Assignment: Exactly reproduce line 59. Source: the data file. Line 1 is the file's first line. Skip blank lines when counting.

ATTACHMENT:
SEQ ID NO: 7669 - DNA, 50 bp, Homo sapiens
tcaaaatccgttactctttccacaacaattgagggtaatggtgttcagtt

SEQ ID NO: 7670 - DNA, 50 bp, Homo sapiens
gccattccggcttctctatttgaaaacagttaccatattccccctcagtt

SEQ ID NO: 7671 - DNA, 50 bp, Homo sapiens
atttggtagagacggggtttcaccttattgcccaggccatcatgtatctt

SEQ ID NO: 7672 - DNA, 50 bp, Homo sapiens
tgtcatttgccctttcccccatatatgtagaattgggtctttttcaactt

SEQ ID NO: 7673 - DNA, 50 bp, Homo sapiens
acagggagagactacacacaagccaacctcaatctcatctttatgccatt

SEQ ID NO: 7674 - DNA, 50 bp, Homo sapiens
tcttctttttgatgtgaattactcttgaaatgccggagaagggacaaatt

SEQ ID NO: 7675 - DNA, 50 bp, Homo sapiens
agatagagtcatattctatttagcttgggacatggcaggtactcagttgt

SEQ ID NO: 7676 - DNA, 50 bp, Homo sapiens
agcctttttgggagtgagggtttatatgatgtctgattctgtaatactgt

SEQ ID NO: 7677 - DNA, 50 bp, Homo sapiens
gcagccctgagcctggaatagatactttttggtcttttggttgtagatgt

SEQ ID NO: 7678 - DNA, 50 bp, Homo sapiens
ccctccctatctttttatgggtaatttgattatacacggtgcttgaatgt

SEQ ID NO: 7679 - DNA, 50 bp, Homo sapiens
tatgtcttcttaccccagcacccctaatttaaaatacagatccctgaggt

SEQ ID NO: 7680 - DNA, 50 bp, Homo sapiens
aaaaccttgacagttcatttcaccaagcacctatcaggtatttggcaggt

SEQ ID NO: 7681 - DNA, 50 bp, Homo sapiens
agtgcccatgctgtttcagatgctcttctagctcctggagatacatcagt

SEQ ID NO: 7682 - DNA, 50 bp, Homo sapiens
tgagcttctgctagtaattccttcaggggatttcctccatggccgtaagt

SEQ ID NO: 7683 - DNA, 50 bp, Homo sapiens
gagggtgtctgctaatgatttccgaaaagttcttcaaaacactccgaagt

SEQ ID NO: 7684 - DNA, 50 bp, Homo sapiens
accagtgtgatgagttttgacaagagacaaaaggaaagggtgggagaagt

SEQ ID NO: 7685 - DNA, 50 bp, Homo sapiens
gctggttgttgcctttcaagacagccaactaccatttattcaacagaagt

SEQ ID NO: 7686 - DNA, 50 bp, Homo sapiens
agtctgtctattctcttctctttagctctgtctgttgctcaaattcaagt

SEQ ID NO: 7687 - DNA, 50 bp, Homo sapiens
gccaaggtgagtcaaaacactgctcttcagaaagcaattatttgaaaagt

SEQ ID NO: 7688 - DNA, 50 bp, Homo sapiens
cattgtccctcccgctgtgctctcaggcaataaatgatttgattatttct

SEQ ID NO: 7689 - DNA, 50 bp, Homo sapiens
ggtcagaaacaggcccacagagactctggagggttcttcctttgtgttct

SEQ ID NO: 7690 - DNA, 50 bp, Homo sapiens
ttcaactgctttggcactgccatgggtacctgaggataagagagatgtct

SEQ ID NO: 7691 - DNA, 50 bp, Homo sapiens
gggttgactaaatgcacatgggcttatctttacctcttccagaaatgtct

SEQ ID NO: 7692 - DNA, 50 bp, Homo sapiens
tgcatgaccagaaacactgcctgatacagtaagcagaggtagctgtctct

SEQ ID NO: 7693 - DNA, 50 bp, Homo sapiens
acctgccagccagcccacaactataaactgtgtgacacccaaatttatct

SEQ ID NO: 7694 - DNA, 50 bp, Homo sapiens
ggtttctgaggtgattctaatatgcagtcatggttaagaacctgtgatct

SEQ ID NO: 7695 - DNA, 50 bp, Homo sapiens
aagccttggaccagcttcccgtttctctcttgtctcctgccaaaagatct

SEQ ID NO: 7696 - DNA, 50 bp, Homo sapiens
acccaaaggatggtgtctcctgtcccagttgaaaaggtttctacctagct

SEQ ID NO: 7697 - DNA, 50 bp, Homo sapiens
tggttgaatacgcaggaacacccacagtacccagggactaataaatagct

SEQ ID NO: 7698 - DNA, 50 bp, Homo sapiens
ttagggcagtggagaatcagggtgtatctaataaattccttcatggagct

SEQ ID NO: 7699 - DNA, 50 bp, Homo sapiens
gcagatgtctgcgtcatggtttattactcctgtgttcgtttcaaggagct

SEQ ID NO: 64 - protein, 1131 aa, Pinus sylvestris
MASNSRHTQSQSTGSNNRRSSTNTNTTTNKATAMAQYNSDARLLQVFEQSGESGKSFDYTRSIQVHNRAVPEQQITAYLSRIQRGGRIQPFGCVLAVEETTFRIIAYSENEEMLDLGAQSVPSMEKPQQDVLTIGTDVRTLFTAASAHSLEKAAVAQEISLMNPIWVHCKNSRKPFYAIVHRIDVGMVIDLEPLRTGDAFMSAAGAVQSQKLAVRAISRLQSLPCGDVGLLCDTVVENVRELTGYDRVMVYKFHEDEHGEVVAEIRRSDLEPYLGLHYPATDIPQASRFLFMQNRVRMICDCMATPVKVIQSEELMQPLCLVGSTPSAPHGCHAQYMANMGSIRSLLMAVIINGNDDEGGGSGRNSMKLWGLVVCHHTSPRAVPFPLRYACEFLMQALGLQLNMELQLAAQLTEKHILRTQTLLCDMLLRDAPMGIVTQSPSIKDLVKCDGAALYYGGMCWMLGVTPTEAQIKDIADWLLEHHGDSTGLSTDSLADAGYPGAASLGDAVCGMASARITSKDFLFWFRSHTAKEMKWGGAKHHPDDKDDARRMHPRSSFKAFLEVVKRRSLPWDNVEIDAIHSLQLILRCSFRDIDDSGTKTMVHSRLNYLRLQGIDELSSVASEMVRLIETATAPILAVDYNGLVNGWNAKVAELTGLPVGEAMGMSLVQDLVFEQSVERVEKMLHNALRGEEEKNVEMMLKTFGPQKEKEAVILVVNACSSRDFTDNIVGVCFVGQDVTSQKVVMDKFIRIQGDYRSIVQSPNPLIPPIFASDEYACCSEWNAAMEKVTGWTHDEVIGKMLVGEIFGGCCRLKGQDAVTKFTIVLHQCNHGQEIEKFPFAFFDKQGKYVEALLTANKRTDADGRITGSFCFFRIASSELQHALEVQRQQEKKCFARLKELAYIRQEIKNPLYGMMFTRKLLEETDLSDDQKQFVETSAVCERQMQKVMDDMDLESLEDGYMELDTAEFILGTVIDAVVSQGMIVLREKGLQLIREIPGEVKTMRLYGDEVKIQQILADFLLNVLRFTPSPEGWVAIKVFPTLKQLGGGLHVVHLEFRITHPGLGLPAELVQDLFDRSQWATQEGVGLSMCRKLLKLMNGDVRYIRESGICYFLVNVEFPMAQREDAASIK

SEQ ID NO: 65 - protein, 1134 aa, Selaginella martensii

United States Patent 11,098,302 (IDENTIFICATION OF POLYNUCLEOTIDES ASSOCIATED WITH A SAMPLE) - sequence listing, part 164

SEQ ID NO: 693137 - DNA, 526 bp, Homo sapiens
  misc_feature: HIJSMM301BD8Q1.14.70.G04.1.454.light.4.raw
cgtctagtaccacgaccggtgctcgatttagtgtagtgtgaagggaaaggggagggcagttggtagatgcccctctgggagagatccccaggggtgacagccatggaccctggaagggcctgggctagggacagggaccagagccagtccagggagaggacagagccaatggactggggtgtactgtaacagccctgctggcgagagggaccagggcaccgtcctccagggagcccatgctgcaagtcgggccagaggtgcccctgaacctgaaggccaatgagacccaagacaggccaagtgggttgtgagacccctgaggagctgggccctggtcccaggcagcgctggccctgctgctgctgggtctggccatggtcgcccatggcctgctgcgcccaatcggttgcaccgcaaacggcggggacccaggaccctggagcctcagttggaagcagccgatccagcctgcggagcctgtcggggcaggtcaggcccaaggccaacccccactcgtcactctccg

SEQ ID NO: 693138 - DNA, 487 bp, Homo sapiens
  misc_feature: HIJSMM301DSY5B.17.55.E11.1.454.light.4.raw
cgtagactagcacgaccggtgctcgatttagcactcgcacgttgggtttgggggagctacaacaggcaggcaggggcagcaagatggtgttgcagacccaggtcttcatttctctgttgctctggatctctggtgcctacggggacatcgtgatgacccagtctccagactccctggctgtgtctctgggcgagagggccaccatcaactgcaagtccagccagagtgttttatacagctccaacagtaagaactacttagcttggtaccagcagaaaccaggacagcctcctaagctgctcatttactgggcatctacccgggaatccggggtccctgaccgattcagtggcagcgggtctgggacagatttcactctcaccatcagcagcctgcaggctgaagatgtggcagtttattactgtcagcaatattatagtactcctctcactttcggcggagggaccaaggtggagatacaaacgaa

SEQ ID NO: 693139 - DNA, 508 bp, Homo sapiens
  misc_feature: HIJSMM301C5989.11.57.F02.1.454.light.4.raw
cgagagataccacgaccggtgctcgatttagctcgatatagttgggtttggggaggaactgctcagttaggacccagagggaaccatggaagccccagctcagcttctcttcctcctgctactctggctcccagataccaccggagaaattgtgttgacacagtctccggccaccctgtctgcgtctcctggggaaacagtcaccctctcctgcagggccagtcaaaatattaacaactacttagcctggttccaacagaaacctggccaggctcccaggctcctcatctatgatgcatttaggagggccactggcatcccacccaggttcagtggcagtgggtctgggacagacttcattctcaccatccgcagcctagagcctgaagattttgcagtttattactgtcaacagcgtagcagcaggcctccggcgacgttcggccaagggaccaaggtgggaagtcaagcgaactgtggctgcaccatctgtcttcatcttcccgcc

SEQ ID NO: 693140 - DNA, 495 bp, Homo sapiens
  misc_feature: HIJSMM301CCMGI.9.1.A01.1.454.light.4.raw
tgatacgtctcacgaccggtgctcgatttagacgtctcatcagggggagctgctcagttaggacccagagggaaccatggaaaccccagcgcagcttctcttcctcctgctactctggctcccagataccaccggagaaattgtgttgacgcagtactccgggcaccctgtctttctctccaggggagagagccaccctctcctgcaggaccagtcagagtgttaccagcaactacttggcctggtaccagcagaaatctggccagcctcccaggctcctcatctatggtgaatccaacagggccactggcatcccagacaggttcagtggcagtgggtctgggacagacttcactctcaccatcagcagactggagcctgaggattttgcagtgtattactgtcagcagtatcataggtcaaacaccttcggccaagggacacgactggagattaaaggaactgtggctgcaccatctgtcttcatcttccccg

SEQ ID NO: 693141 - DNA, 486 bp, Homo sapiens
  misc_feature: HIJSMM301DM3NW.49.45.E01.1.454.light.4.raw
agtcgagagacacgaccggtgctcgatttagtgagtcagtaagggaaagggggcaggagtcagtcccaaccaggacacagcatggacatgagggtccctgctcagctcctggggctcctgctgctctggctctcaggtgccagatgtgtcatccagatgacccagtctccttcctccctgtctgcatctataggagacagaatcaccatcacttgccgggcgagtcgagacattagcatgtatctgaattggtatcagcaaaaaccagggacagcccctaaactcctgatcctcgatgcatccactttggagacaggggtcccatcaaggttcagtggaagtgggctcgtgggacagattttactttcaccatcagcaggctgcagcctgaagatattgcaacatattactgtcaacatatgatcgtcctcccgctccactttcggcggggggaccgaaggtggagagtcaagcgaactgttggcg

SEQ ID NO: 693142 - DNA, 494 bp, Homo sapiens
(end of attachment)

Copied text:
SEQ ID NO: 7698 - DNA, 50 bp, Homo sapiens